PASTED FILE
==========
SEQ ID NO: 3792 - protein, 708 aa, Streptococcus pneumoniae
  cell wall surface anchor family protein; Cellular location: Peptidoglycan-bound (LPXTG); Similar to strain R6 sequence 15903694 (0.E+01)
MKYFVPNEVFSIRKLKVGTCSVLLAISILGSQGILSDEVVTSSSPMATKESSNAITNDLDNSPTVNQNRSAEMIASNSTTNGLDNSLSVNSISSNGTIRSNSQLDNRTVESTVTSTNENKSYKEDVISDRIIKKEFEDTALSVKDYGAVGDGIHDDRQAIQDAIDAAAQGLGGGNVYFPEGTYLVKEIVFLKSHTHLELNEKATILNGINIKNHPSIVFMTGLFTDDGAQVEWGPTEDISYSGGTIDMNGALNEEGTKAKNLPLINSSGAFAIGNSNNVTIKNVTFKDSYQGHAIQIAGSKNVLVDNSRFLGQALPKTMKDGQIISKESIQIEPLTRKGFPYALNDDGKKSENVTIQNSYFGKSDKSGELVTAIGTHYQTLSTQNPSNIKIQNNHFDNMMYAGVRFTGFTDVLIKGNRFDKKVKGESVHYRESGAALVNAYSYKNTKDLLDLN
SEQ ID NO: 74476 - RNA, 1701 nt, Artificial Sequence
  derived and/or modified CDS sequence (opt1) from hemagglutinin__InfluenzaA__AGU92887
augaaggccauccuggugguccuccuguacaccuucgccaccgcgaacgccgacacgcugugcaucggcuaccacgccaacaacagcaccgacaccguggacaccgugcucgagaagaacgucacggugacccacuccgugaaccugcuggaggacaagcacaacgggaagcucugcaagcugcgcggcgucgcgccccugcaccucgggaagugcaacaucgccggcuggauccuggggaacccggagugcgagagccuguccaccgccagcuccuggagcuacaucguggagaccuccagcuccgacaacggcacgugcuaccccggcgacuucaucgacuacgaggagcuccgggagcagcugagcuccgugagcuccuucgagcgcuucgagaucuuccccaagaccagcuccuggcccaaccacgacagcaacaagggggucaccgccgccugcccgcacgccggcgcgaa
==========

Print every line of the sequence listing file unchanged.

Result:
SEQ ID NO: 3792 - protein, 708 aa, Streptococcus pneumoniae
  cell wall surface anchor family protein; Cellular location: Peptidoglycan-bound (LPXTG); Similar to strain R6 sequence 15903694 (0.E+01)
MKYFVPNEVFSIRKLKVGTCSVLLAISILGSQGILSDEVVTSSSPMATKESSNAITNDLDNSPTVNQNRSAEMIASNSTTNGLDNSLSVNSISSNGTIRSNSQLDNRTVESTVTSTNENKSYKEDVISDRIIKKEFEDTALSVKDYGAVGDGIHDDRQAIQDAIDAAAQGLGGGNVYFPEGTYLVKEIVFLKSHTHLELNEKATILNGINIKNHPSIVFMTGLFTDDGAQVEWGPTEDISYSGGTIDMNGALNEEGTKAKNLPLINSSGAFAIGNSNNVTIKNVTFKDSYQGHAIQIAGSKNVLVDNSRFLGQALPKTMKDGQIISKESIQIEPLTRKGFPYALNDDGKKSENVTIQNSYFGKSDKSGELVTAIGTHYQTLSTQNPSNIKIQNNHFDNMMYAGVRFTGFTDVLIKGNRFDKKVKGESVHYRESGAALVNAYSYKNTKDLLDLN
SEQ ID NO: 74476 - RNA, 1701 nt, Artificial Sequence
  derived and/or modified CDS sequence (opt1) from hemagglutinin__InfluenzaA__AGU92887
augaaggccauccuggugguccuccuguacaccuucgccaccgcgaacgccgacacgcugugcaucggcuaccacgccaacaacagcaccgacaccguggacaccgugcucgagaagaacgucacggugacccacuccgugaaccugcuggaggacaagcacaacgggaagcucugcaagcugcgcggcgucgcgccccugcaccucgggaagugcaacaucgccggcuggauccuggggaacccggagugcgagagccuguccaccgccagcuccuggagcuacaucguggagaccuccagcuccgacaacggcacgugcuaccccggcgacuucaucgacuacgaggagcuccgggagcagcugagcuccgugagcuccuucgagcgcuucgagaucuuccccaagaccagcuccuggcccaaccacgacagcaacaagggggucaccgccgccugcccgcacgccggcgcgaa